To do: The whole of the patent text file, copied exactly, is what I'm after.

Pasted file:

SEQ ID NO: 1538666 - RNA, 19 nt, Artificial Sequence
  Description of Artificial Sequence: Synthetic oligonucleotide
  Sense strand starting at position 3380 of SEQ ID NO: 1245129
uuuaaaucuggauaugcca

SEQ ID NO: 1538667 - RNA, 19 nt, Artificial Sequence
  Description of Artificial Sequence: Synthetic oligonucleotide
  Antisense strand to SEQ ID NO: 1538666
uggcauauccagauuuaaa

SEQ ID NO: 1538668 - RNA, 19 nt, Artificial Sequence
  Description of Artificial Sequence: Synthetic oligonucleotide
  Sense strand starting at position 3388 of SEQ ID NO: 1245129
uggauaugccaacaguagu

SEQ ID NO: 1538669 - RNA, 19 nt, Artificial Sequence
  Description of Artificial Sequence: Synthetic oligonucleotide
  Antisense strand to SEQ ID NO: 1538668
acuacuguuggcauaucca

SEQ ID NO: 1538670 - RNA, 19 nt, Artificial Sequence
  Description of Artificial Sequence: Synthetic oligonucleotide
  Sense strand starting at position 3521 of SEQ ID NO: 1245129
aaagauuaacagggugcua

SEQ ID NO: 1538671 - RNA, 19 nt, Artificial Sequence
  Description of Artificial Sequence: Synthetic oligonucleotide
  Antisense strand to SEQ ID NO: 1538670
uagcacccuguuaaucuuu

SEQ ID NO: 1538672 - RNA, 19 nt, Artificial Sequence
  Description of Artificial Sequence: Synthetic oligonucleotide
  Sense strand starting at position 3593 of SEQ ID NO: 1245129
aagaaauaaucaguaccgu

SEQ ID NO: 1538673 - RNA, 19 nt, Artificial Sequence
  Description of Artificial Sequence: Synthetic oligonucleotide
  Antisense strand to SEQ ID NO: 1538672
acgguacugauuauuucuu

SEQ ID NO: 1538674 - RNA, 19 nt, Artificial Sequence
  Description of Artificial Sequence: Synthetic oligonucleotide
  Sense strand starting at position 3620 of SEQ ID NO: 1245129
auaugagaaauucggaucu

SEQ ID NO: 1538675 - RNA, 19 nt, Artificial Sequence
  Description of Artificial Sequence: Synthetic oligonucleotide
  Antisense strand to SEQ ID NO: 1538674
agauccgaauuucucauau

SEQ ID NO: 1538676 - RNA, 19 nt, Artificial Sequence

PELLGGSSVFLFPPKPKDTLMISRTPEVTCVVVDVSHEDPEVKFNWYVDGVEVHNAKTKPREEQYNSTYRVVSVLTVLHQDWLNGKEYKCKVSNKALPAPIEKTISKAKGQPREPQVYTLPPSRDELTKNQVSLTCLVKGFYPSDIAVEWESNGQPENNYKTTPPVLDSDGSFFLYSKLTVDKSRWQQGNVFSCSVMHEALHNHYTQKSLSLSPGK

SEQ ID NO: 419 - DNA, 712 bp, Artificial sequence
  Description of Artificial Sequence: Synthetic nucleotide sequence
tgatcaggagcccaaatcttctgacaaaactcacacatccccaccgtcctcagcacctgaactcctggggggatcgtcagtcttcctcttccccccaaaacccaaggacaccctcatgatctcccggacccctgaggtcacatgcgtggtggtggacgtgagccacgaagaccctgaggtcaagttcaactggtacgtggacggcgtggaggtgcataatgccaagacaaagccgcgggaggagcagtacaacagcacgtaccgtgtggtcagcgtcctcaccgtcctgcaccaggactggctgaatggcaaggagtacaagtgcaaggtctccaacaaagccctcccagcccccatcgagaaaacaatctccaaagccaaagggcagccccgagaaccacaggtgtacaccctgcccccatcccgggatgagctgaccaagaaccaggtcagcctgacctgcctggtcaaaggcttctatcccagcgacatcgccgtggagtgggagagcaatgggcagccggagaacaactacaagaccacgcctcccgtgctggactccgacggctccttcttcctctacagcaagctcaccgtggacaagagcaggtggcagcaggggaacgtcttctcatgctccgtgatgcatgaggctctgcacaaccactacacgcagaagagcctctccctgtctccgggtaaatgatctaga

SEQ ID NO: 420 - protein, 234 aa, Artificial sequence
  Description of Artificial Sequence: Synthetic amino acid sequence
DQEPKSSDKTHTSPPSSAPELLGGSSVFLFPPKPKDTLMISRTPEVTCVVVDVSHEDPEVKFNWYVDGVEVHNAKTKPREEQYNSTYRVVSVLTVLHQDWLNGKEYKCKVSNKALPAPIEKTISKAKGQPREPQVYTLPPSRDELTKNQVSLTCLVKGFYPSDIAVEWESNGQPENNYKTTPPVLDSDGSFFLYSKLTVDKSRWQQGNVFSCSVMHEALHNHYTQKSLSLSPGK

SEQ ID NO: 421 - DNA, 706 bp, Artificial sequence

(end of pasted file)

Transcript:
SEQ ID NO: 1538666 - RNA, 19 nt, Artificial Sequence
  Description of Artificial Sequence: Synthetic oligonucleotide
  Sense strand starting at position 3380 of SEQ ID NO: 1245129
uuuaaaucuggauaugcca

SEQ ID NO: 1538667 - RNA, 19 nt, Artificial Sequence
  Description of Artificial Sequence: Synthetic oligonucleotide
  Antisense strand to SEQ ID NO: 1538666
uggcauauccagauuuaaa

SEQ ID NO: 1538668 - RNA, 19 nt, Artificial Sequence
  Description of Artificial Sequence: Synthetic oligonucleotide
  Sense strand starting at position 3388 of SEQ ID NO: 1245129
uggauaugccaacaguagu

SEQ ID NO: 1538669 - RNA, 19 nt, Artificial Sequence
  Description of Artificial Sequence: Synthetic oligonucleotide
  Antisense strand to SEQ ID NO: 1538668
acuacuguuggcauaucca

SEQ ID NO: 1538670 - RNA, 19 nt, Artificial Sequence
  Description of Artificial Sequence: Synthetic oligonucleotide
  Sense strand starting at position 3521 of SEQ ID NO: 1245129
aaagauuaacagggugcua

SEQ ID NO: 1538671 - RNA, 19 nt, Artificial Sequence
  Description of Artificial Sequence: Synthetic oligonucleotide
  Antisense strand to SEQ ID NO: 1538670
uagcacccuguuaaucuuu

SEQ ID NO: 1538672 - RNA, 19 nt, Artificial Sequence
  Description of Artificial Sequence: Synthetic oligonucleotide
  Sense strand starting at position 3593 of SEQ ID NO: 1245129
aagaaauaaucaguaccgu

SEQ ID NO: 1538673 - RNA, 19 nt, Artificial Sequence
  Description of Artificial Sequence: Synthetic oligonucleotide
  Antisense strand to SEQ ID NO: 1538672
acgguacugauuauuucuu

SEQ ID NO: 1538674 - RNA, 19 nt, Artificial Sequence
  Description of Artificial Sequence: Synthetic oligonucleotide
  Sense strand starting at position 3620 of SEQ ID NO: 1245129
auaugagaaauucggaucu

SEQ ID NO: 1538675 - RNA, 19 nt, Artificial Sequence
  Description of Artificial Sequence: Synthetic oligonucleotide
  Antisense strand to SEQ ID NO: 1538674
agauccgaauuucucauau

SEQ ID NO: 1538676 - RNA, 19 nt, Artificial Sequence

PELLGGSSVFLFPPKPKDTLMISRTPEVTCVVVDVSHEDPEVKFNWYVDGVEVHNAKTKPREEQYNSTYRVVSVLTVLHQDWLNGKEYKCKVSNKALPAPIEKTISKAKGQPREPQVYTLPPSRDELTKNQVSLTCLVKGFYPSDIAVEWESNGQPENNYKTTPPVLDSDGSFFLYSKLTVDKSRWQQGNVFSCSVMHEALHNHYTQKSLSLSPGK

SEQ ID NO: 419 - DNA, 712 bp, Artificial sequence
  Description of Artificial Sequence: Synthetic nucleotide sequence
tgatcaggagcccaaatcttctgacaaaactcacacatccccaccgtcctcagcacctgaactcctggggggatcgtcagtcttcctcttccccccaaaacccaaggacaccctcatgatctcccggacccctgaggtcacatgcgtggtggtggacgtgagccacgaagaccctgaggtcaagttcaactggtacgtggacggcgtggaggtgcataatgccaagacaaagccgcgggaggagcagtacaacagcacgtaccgtgtggtcagcgtcctcaccgtcctgcaccaggactggctgaatggcaaggagtacaagtgcaaggtctccaacaaagccctcccagcccccatcgagaaaacaatctccaaagccaaagggcagccccgagaaccacaggtgtacaccctgcccccatcccgggatgagctgaccaagaaccaggtcagcctgacctgcctggtcaaaggcttctatcccagcgacatcgccgtggagtgggagagcaatgggcagccggagaacaactacaagaccacgcctcccgtgctggactccgacggctccttcttcctctacagcaagctcaccgtggacaagagcaggtggcagcaggggaacgtcttctcatgctccgtgatgcatgaggctctgcacaaccactacacgcagaagagcctctccctgtctccgggtaaatgatctaga

SEQ ID NO: 420 - protein, 234 aa, Artificial sequence
  Description of Artificial Sequence: Synthetic amino acid sequence
DQEPKSSDKTHTSPPSSAPELLGGSSVFLFPPKPKDTLMISRTPEVTCVVVDVSHEDPEVKFNWYVDGVEVHNAKTKPREEQYNSTYRVVSVLTVLHQDWLNGKEYKCKVSNKALPAPIEKTISKAKGQPREPQVYTLPPSRDELTKNQVSLTCLVKGFYPSDIAVEWESNGQPENNYKTTPPVLDSDGSFFLYSKLTVDKSRWQQGNVFSCSVMHEALHNHYTQKSLSLSPGK

SEQ ID NO: 421 - DNA, 706 bp, Artificial sequence